Why should the crash-out be so bad? Continue Reading…
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Could Minnesota be next to legalize marijuana?
North Carolina legislature to consider marijuana legalization in 2019.
Missouri lawmaker files marijuana legalization bill after voters approve medical cannabis.
As Altria eyes pot, Philip Morris ignores peer pressure. Altria invests $1.8 billion in cannabis company Cronos. Navigating cannabis legalization 2.0. Major alcohol association briefs Congress on marijuana legalization. In 90-second clip, Fox & Friends pushes string of misleading claims about marijuana. Investing in marijuana dispensary stocks could be a big mistake.
Capitalistic US faces fight with Canada for cannabis supremacy. US–Canada cross-border dispatches on the state of cannabis legalization. In Canada, you can study marijuana production for college credit. Why moldy weed is a problem in Canada and how to fix it. Pot is so hot in Canada that firms are importing workers. Netherlands master weed growers are flocking to Canada
Given the momentous events concerning the various criminal investigations of Trump, an important opinion by a three-judge panel of the U.S. Court of Appeals for the Ninth Circuit may go virtually unnoticed.
The ruling comes in the case of East Bay Sanctuary Covenant v. Trump. That’s the case I posted earlier in which the District Court (per Tigar, J.) issued a nationwide injunction against enforcement of the rule that, together with Trump’s proclamation, had the effect of making “any alien who enters the United States across the southern border at least over the next ninety days, except at a designated port of entry, is categorically ineligible to be granted asylum.” The appeals court, by a 2-1 majority, maintained in place the TRO. You may recall that it was Judge Tigar’s initial decision that caused Trump to go off on a rant against the Ninth Circuit.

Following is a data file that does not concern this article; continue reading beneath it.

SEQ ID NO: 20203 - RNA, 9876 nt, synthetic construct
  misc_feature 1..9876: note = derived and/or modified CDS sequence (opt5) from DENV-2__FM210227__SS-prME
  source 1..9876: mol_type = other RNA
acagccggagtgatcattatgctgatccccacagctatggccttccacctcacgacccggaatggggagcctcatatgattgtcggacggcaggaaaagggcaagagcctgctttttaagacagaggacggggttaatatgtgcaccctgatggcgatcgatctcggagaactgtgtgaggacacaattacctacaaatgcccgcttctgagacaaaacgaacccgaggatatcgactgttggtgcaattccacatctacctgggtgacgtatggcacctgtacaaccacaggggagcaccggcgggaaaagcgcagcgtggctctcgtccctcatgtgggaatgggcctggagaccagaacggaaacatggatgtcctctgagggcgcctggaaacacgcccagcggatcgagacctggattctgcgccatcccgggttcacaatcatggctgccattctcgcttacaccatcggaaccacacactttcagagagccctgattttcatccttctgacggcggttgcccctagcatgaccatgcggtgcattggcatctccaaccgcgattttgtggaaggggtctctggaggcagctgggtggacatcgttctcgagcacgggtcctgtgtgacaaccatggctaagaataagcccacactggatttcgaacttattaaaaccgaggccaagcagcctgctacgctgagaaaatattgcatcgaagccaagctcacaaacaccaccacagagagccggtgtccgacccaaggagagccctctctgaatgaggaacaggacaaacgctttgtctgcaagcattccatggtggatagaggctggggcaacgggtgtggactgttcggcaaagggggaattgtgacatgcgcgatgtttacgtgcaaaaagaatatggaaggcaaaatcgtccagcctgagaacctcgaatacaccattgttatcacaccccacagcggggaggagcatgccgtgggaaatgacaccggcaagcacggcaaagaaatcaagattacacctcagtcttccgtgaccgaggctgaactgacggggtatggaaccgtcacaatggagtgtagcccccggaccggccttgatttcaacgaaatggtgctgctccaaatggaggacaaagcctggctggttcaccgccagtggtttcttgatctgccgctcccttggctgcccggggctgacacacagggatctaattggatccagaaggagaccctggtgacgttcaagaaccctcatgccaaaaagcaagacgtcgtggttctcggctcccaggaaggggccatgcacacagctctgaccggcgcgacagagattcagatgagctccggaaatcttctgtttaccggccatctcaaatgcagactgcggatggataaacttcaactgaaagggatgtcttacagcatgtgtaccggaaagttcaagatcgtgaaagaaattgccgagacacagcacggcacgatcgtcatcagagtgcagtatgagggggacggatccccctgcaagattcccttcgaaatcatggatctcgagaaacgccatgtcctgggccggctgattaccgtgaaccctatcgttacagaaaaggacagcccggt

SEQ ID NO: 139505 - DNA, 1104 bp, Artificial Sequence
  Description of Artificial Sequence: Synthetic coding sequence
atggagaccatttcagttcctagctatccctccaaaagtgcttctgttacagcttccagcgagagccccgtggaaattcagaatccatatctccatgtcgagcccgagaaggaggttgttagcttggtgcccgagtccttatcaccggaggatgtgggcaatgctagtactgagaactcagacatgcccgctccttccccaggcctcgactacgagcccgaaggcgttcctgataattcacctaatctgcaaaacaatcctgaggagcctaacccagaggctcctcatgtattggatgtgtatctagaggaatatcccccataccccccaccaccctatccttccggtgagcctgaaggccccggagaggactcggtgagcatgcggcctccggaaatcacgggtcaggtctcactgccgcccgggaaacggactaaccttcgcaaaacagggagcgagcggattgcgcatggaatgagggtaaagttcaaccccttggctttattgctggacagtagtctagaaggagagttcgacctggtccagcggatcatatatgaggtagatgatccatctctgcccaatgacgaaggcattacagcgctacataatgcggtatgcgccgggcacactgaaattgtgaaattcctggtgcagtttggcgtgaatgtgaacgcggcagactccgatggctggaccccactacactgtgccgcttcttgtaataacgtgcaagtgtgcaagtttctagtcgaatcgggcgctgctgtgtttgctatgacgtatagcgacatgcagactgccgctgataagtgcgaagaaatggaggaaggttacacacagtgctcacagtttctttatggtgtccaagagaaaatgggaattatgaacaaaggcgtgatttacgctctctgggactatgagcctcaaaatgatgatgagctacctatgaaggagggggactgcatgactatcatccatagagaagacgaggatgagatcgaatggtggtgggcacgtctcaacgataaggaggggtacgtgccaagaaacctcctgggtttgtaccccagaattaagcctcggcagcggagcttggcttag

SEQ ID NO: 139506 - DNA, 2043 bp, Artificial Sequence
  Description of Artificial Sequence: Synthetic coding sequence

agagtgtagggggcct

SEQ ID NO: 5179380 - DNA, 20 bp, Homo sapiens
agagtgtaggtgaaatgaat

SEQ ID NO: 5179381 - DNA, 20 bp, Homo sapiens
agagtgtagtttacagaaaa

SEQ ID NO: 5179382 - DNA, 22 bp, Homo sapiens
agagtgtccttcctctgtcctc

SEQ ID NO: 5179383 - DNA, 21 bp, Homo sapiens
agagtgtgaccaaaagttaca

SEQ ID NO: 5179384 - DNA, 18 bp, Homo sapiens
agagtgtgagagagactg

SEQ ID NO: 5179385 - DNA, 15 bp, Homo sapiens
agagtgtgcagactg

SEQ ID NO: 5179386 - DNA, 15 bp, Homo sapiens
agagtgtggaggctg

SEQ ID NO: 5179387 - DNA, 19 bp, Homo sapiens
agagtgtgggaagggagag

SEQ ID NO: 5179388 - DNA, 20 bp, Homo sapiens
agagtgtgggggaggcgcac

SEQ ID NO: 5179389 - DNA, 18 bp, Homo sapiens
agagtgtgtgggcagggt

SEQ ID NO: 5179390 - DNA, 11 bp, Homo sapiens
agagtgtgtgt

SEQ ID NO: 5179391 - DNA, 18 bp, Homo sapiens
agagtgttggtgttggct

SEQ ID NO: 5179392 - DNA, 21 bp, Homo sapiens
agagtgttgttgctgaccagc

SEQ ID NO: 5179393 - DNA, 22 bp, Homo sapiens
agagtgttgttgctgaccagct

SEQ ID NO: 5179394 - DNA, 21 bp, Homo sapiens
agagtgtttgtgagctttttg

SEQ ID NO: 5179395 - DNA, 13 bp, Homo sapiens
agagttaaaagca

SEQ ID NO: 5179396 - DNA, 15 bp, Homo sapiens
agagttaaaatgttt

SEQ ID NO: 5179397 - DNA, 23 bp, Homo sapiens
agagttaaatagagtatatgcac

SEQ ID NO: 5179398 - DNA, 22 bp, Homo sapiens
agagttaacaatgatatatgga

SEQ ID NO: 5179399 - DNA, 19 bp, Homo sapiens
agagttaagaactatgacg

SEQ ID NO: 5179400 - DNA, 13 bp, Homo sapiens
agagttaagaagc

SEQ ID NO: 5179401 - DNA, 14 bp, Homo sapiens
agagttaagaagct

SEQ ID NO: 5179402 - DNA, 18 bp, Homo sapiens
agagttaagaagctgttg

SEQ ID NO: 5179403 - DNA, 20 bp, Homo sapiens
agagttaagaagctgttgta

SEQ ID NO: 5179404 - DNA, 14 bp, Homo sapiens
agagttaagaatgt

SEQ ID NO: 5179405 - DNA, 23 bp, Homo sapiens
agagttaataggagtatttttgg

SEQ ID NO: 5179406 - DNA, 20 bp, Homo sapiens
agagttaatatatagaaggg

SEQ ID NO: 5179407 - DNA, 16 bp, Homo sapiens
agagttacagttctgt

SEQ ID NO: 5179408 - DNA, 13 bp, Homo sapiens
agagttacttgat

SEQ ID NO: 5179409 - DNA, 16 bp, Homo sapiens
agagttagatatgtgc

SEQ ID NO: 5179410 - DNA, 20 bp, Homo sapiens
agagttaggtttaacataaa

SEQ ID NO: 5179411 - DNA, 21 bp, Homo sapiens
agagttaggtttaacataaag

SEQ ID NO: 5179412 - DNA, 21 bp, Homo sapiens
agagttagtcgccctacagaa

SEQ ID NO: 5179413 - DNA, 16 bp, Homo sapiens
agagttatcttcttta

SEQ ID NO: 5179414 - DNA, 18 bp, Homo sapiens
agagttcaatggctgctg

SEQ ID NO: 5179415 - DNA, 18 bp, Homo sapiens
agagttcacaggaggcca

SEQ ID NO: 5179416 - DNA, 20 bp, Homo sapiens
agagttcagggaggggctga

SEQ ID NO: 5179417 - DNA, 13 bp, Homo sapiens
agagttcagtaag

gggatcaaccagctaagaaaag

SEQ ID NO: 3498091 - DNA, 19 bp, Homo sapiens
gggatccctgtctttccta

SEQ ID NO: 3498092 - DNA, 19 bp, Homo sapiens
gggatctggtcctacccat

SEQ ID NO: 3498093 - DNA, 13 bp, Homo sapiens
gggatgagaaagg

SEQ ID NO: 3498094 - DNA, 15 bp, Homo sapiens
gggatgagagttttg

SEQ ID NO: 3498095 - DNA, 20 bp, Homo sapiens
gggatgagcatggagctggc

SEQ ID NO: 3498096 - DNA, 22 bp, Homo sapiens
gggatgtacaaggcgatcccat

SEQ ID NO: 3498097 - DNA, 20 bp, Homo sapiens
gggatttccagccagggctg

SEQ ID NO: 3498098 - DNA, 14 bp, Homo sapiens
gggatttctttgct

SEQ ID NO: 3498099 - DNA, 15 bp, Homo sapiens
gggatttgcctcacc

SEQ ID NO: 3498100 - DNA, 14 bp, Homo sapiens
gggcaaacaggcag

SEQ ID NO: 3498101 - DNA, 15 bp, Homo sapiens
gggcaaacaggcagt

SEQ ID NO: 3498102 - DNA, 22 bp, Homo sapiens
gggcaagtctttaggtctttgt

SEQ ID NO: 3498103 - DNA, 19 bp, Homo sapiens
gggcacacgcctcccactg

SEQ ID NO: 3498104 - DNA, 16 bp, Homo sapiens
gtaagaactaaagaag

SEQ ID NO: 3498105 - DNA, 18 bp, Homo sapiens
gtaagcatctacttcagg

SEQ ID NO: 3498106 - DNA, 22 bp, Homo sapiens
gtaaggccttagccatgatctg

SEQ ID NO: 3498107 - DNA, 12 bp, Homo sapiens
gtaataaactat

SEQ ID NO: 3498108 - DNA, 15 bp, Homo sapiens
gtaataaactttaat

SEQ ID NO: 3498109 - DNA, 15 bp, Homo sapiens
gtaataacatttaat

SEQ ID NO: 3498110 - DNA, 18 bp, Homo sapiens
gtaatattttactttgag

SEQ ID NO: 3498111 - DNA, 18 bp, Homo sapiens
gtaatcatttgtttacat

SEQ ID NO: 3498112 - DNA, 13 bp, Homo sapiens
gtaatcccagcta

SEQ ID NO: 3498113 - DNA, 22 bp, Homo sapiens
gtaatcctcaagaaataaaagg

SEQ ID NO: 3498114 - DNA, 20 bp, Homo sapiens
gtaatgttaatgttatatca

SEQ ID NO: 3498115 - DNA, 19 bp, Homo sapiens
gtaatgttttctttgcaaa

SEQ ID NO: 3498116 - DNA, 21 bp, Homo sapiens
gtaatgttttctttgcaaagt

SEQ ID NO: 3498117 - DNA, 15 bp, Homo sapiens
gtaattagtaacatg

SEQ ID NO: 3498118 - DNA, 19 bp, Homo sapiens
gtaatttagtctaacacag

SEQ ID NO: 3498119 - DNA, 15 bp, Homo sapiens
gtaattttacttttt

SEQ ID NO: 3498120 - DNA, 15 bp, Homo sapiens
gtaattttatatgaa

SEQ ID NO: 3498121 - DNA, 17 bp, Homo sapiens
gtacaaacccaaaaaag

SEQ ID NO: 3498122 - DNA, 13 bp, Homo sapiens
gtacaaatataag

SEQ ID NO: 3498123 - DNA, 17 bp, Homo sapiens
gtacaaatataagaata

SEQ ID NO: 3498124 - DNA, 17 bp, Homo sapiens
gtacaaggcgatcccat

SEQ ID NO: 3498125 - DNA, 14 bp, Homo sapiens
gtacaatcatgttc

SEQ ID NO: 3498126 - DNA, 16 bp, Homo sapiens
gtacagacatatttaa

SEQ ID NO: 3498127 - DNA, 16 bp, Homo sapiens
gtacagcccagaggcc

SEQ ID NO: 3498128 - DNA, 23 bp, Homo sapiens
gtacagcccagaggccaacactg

So, today was a bad day for Trump:
- He was presented with prosecutors clearly closing in on him and his family for their criminal activities.
- The stock market continued its downward course.
- His first Secretary of State, Rex Tillerson, was so critical of Trump that Trump had to Tweet: “Rex Tillerson didn’t have the mental capacity needed [to be Secretary of State]. He was dumb as a rock and I couldn’t get rid of him fast enough. He was lazy as hell.”
- And, finally, the Ninth Circuit blocked him from causing harm to immigrants seeking asylum.
What have I missed?
Revised and Updated I’ve revised and updated this post. Below, you will find the links to all three of the filings by the prosecutors today in the Cohen case and in the Manafort case.
As noted earlier, presumably tomorrow or Sunday, I will be uploading the transcript of Comey’s testimony before the House Judiciary Committee.
Further Update: Comey Transcript
As promised, here’s the Comey Transcript. I have not had the opportunity to review it, but I understand that it is redacted.